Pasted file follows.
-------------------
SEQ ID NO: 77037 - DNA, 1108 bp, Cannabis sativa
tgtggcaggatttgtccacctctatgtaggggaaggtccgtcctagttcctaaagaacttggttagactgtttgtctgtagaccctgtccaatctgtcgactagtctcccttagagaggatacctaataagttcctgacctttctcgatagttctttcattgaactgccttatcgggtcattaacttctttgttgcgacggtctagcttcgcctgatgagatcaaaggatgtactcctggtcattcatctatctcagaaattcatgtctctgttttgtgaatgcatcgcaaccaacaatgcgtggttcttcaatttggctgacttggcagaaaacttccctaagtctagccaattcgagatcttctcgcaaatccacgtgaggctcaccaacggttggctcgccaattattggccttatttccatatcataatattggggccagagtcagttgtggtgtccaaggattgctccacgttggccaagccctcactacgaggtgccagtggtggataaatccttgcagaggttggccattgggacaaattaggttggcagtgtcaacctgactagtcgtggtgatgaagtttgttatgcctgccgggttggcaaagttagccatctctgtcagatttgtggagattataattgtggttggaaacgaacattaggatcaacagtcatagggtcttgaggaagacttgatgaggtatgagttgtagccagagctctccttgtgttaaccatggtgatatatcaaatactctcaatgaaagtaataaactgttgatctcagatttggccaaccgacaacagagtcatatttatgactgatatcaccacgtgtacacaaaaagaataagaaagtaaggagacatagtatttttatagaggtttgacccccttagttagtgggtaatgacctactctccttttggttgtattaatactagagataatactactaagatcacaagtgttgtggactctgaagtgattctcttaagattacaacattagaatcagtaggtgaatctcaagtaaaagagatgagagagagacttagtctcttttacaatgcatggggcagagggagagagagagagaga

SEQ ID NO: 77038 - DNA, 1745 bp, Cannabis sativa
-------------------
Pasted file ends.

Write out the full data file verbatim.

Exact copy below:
SEQ ID NO: 77037 - DNA, 1108 bp, Cannabis sativa
tgtggcaggatttgtccacctctatgtaggggaaggtccgtcctagttcctaaagaacttggttagactgtttgtctgtagaccctgtccaatctgtcgactagtctcccttagagaggatacctaataagttcctgacctttctcgatagttctttcattgaactgccttatcgggtcattaacttctttgttgcgacggtctagcttcgcctgatgagatcaaaggatgtactcctggtcattcatctatctcagaaattcatgtctctgttttgtgaatgcatcgcaaccaacaatgcgtggttcttcaatttggctgacttggcagaaaacttccctaagtctagccaattcgagatcttctcgcaaatccacgtgaggctcaccaacggttggctcgccaattattggccttatttccatatcataatattggggccagagtcagttgtggtgtccaaggattgctccacgttggccaagccctcactacgaggtgccagtggtggataaatccttgcagaggttggccattgggacaaattaggttggcagtgtcaacctgactagtcgtggtgatgaagtttgttatgcctgccgggttggcaaagttagccatctctgtcagatttgtggagattataattgtggttggaaacgaacattaggatcaacagtcatagggtcttgaggaagacttgatgaggtatgagttgtagccagagctctccttgtgttaaccatggtgatatatcaaatactctcaatgaaagtaataaactgttgatctcagatttggccaaccgacaacagagtcatatttatgactgatatcaccacgtgtacacaaaaagaataagaaagtaaggagacatagtatttttatagaggtttgacccccttagttagtgggtaatgacctactctccttttggttgtattaatactagagataatactactaagatcacaagtgttgtggactctgaagtgattctcttaagattacaacattagaatcagtaggtgaatctcaagtaaaagagatgagagagagacttagtctcttttacaatgcatggggcagagggagagagagagagaga

SEQ ID NO: 77038 - DNA, 1745 bp, Cannabis sativa